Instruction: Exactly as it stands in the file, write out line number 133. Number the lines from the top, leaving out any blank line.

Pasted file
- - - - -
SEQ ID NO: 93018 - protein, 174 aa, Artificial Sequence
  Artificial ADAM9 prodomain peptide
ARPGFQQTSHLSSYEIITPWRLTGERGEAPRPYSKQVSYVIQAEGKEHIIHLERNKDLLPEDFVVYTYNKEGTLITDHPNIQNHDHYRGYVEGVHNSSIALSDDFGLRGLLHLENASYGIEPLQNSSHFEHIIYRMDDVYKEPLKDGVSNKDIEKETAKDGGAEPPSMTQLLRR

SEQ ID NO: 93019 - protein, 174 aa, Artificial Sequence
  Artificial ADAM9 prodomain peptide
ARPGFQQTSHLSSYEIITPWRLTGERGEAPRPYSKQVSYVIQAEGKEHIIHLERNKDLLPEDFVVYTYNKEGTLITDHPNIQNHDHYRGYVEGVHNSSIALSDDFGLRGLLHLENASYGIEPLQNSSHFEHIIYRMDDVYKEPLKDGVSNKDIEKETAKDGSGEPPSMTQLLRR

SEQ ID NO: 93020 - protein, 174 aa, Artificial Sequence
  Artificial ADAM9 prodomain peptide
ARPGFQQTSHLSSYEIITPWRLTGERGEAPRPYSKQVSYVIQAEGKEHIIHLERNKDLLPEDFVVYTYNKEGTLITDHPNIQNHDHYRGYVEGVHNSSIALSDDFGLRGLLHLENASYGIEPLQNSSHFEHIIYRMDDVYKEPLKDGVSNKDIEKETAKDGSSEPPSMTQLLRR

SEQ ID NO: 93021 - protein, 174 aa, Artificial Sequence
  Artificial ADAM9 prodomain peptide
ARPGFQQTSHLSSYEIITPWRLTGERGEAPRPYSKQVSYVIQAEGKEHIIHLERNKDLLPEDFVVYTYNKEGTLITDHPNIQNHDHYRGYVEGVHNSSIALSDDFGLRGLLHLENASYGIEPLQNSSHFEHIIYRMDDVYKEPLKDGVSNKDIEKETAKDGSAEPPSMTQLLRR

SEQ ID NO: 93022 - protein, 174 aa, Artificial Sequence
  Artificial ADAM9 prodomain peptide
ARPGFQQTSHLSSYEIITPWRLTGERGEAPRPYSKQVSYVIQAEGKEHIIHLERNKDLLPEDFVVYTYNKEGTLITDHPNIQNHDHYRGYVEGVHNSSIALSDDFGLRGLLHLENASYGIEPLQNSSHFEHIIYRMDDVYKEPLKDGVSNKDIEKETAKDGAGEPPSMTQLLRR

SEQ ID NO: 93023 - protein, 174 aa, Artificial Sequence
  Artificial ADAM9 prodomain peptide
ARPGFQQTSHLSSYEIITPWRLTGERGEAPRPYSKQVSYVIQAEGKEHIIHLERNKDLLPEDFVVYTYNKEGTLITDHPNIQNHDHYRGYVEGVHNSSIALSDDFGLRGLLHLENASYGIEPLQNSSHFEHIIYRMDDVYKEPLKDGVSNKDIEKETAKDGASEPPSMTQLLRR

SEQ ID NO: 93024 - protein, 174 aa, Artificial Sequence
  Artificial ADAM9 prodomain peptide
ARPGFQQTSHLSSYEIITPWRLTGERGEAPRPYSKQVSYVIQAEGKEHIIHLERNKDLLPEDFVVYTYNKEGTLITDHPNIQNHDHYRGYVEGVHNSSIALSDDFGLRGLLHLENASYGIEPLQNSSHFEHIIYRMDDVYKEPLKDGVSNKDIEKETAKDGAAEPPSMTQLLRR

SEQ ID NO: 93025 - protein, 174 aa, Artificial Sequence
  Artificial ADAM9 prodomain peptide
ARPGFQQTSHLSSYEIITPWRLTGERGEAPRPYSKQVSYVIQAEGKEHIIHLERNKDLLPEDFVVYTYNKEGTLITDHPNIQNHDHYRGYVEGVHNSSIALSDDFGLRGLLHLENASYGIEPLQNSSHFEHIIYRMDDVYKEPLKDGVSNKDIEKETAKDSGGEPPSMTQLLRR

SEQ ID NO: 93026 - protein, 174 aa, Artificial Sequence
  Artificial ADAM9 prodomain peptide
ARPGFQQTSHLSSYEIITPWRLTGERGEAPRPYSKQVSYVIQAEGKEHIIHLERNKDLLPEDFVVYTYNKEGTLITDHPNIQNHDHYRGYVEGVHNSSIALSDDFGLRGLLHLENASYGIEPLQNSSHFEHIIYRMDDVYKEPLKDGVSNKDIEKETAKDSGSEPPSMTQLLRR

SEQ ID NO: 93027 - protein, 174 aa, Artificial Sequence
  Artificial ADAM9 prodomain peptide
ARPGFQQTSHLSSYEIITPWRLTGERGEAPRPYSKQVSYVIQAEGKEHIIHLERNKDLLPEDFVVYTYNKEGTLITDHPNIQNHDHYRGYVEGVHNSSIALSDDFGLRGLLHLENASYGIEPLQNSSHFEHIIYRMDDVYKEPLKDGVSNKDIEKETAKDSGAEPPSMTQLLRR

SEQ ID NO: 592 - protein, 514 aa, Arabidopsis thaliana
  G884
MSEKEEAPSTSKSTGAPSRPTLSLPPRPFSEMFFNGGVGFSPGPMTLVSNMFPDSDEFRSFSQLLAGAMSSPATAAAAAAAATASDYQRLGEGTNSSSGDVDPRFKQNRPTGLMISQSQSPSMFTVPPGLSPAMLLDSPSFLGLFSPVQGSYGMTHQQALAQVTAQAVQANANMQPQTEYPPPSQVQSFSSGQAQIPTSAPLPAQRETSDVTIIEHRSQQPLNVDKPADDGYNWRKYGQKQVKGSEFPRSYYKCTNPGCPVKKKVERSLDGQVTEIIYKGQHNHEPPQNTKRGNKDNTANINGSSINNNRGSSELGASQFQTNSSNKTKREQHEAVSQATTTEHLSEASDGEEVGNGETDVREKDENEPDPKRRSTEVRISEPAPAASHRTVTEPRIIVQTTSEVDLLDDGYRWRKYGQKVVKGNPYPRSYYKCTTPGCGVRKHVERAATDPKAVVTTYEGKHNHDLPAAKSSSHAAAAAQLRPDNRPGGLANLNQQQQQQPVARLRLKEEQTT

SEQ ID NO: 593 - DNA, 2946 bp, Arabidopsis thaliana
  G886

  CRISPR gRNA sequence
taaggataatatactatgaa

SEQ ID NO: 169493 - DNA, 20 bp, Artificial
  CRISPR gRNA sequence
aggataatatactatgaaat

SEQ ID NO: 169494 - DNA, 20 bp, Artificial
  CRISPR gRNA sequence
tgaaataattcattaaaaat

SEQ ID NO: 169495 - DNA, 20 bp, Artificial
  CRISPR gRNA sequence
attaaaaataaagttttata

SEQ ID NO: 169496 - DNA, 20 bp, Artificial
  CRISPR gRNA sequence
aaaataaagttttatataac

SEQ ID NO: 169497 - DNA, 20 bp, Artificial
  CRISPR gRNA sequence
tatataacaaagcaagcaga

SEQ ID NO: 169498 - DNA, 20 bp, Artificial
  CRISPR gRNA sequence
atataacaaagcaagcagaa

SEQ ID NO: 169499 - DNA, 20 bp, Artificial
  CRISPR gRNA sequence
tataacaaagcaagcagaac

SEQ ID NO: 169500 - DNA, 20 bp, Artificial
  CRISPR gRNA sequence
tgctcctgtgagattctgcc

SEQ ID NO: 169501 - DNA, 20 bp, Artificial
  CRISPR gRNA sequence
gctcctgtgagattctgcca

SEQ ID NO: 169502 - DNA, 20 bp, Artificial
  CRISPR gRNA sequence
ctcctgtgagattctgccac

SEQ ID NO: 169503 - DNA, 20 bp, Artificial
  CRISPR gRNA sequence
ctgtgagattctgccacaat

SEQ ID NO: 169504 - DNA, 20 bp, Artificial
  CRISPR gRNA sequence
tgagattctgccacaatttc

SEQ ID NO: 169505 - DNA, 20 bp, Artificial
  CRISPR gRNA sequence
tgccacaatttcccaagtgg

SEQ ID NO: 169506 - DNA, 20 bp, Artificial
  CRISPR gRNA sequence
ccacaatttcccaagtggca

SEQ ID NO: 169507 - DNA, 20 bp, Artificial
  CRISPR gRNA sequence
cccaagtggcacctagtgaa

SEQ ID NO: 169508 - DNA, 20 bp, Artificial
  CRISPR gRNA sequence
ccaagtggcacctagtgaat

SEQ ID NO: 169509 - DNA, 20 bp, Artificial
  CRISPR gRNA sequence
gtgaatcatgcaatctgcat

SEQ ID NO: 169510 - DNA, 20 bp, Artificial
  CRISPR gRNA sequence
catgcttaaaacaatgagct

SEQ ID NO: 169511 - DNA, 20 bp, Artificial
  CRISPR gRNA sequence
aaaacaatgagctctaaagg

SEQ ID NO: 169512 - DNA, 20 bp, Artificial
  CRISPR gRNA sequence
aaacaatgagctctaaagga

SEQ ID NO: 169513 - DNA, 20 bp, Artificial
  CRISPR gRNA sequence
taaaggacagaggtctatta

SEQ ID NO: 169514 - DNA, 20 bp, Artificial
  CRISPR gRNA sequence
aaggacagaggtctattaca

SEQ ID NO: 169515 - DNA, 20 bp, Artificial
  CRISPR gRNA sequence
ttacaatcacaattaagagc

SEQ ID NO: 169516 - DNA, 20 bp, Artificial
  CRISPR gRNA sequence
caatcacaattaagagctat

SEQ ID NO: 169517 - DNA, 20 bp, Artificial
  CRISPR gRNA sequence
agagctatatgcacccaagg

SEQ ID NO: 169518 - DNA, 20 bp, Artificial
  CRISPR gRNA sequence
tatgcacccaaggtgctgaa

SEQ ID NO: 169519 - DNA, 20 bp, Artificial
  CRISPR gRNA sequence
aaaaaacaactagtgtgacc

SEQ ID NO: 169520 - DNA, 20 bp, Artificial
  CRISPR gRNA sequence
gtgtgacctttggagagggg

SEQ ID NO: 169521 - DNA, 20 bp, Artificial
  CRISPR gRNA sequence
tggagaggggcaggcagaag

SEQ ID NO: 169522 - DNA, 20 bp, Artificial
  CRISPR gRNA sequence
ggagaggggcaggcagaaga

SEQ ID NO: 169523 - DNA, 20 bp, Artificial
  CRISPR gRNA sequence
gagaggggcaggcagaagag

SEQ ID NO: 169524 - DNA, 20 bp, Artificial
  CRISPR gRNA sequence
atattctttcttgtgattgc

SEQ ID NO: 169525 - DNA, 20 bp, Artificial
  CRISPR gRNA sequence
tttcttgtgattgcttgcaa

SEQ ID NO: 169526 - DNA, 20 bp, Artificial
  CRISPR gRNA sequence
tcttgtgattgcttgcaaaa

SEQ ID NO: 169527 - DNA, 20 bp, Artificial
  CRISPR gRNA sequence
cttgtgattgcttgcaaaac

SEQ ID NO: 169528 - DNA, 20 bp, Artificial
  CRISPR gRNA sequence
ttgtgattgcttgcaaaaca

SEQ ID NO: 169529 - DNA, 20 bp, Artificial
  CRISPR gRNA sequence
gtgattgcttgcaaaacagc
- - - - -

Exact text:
atattctttcttgtgattgc